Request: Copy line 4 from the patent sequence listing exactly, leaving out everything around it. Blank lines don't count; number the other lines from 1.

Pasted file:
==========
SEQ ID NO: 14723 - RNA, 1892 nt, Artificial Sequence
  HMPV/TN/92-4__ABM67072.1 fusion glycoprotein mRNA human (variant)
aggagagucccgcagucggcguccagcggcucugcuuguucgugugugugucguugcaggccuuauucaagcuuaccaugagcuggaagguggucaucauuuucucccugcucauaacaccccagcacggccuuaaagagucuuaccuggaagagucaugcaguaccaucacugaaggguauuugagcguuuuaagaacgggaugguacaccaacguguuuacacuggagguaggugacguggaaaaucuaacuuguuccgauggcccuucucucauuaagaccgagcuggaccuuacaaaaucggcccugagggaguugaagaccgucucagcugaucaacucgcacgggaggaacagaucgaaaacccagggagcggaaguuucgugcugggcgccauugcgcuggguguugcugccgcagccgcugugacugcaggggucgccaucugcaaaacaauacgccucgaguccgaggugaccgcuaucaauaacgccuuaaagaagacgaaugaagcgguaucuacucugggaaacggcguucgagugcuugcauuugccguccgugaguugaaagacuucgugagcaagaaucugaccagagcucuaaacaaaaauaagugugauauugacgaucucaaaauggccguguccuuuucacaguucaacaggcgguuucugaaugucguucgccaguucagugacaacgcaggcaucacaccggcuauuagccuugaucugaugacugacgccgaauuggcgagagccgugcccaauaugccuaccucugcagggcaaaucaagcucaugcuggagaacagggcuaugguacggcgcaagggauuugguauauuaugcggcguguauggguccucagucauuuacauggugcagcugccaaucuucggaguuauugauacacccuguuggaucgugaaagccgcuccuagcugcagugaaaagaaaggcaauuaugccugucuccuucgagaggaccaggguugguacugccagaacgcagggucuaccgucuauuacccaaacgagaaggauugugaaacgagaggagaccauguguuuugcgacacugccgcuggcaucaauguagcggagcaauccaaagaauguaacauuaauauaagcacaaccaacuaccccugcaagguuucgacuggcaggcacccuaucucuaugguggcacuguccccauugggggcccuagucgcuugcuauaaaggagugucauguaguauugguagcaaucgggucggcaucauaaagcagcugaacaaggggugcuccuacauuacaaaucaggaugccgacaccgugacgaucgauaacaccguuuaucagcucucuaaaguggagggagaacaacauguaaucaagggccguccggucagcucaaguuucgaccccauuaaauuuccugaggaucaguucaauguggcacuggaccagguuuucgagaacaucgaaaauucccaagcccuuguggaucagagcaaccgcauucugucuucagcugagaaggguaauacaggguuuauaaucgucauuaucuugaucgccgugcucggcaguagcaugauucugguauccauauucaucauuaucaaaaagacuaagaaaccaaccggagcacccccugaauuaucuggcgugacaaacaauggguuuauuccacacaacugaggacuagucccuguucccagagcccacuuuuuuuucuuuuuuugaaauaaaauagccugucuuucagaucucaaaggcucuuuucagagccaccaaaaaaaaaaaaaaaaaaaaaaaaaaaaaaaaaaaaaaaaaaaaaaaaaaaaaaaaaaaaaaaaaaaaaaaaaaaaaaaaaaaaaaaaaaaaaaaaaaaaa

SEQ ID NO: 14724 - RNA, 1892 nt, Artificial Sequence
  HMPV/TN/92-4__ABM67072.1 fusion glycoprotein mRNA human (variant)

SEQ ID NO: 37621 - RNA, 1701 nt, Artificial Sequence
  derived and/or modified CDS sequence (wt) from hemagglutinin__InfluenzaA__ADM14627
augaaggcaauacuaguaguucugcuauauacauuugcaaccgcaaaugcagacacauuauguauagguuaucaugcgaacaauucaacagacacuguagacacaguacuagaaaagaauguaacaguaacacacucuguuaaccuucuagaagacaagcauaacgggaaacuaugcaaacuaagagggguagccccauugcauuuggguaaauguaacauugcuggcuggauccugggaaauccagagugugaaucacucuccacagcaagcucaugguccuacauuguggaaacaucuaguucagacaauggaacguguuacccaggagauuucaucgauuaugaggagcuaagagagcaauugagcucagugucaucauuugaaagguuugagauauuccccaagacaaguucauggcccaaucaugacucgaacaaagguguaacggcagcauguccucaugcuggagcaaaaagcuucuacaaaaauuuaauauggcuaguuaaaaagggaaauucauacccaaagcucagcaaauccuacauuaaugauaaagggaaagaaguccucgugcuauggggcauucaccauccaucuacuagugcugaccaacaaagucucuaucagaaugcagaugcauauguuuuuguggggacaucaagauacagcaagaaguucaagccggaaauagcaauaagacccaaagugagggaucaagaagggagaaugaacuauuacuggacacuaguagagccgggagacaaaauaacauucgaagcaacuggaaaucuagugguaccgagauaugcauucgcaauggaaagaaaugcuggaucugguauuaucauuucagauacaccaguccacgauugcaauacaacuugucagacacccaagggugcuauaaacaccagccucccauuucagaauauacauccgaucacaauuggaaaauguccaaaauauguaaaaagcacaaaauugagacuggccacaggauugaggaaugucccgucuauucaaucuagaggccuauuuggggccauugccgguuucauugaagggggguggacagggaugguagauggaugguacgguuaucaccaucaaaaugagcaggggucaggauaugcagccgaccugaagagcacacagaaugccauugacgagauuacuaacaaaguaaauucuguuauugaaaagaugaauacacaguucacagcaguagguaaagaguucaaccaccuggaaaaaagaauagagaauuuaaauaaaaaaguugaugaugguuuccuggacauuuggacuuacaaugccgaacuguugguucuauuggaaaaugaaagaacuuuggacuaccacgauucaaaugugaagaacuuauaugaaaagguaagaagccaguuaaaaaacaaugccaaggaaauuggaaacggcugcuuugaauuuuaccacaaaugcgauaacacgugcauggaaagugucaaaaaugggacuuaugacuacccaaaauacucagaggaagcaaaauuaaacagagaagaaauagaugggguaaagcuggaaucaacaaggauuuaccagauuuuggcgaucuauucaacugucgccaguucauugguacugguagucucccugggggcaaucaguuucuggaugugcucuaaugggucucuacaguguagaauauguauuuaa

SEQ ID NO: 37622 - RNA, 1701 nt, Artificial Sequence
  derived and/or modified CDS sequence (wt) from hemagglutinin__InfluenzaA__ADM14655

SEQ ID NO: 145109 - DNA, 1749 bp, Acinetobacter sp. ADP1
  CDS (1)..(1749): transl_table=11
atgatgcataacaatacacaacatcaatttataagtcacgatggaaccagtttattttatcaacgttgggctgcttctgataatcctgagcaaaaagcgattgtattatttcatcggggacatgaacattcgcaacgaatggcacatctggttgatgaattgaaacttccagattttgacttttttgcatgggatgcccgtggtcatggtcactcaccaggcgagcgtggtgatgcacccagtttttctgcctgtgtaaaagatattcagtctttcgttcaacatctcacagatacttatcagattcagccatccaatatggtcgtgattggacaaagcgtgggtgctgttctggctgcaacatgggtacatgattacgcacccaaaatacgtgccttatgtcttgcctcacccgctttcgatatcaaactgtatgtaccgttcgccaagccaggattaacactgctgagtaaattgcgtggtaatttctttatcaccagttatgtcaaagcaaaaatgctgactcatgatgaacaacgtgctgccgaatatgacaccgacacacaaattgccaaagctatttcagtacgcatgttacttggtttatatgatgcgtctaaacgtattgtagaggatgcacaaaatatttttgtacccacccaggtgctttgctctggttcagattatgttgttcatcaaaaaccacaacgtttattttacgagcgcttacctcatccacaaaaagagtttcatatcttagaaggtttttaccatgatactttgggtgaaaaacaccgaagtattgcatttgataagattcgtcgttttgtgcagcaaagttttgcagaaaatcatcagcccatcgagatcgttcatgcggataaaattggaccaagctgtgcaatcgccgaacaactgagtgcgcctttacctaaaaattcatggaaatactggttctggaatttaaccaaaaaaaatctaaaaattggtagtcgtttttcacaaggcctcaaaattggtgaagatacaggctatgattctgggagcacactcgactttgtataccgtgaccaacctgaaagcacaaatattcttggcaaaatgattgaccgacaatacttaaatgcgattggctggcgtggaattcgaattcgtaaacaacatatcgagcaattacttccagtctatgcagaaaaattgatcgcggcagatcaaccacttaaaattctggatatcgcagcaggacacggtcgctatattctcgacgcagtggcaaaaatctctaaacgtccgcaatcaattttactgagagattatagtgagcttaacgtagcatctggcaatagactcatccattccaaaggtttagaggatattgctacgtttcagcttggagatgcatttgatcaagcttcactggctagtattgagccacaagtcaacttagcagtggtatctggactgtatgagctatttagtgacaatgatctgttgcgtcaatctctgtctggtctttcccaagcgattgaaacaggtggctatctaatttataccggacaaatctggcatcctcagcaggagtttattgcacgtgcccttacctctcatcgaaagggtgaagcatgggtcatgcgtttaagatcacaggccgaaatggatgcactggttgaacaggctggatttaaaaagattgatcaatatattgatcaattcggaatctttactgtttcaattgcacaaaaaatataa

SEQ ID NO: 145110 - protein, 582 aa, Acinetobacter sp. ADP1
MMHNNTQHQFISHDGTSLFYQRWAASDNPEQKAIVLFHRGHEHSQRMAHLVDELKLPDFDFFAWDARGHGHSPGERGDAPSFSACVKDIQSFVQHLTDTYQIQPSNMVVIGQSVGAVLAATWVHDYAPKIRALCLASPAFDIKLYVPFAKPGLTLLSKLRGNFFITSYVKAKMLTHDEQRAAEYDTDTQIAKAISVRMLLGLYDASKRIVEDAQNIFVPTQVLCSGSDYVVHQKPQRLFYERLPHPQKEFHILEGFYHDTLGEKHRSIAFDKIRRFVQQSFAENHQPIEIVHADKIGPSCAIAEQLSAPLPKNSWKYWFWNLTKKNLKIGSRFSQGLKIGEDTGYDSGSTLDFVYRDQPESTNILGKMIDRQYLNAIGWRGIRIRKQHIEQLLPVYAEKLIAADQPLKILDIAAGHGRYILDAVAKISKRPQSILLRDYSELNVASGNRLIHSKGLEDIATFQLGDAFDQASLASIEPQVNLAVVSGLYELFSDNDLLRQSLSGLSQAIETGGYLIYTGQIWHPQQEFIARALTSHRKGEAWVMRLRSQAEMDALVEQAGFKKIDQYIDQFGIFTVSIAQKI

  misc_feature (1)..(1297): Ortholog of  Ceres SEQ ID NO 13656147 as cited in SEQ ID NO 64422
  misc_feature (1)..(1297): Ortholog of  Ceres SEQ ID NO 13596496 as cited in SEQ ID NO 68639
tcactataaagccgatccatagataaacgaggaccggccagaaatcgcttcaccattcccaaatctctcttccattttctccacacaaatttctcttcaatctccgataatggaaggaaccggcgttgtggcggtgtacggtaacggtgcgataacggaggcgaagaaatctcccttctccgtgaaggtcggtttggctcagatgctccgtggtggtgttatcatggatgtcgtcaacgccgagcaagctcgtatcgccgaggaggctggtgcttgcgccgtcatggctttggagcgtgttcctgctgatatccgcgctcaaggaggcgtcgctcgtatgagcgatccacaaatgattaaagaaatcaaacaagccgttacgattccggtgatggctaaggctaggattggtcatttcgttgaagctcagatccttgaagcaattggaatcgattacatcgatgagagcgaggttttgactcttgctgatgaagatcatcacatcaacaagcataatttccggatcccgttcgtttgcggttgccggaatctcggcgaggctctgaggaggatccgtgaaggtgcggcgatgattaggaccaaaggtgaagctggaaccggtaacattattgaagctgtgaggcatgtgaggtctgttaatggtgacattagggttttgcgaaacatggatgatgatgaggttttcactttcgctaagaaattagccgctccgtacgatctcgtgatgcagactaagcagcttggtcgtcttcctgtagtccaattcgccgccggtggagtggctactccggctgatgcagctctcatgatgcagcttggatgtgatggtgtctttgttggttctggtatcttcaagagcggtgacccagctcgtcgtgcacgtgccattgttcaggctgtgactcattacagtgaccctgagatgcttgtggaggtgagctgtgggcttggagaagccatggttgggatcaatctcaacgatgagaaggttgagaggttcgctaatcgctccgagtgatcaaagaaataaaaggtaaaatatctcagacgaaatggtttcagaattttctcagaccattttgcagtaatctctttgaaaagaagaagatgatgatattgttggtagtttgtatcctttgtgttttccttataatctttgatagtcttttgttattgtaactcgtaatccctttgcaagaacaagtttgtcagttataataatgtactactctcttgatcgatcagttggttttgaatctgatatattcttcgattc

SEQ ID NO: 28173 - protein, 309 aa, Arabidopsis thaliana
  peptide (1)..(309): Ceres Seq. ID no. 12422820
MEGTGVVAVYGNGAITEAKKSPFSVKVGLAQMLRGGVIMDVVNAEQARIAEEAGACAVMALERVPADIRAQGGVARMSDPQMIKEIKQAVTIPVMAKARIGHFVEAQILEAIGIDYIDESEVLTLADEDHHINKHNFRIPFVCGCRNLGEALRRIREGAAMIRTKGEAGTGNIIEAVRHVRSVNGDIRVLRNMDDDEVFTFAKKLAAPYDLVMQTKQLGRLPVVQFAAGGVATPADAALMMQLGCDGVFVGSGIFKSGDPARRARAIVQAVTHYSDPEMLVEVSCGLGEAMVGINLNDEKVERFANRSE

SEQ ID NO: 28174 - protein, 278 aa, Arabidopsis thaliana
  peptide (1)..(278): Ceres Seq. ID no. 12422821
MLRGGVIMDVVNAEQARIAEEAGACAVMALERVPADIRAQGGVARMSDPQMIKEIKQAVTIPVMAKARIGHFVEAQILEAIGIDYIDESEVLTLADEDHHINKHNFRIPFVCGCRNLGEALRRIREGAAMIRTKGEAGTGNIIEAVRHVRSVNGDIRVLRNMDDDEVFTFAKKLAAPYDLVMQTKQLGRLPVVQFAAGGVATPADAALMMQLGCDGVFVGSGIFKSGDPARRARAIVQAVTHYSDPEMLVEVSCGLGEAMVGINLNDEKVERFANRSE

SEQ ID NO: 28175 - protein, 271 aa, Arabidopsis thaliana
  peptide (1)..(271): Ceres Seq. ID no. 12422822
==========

SEQ ID NO: 14724 - RNA, 1892 nt, Artificial Sequence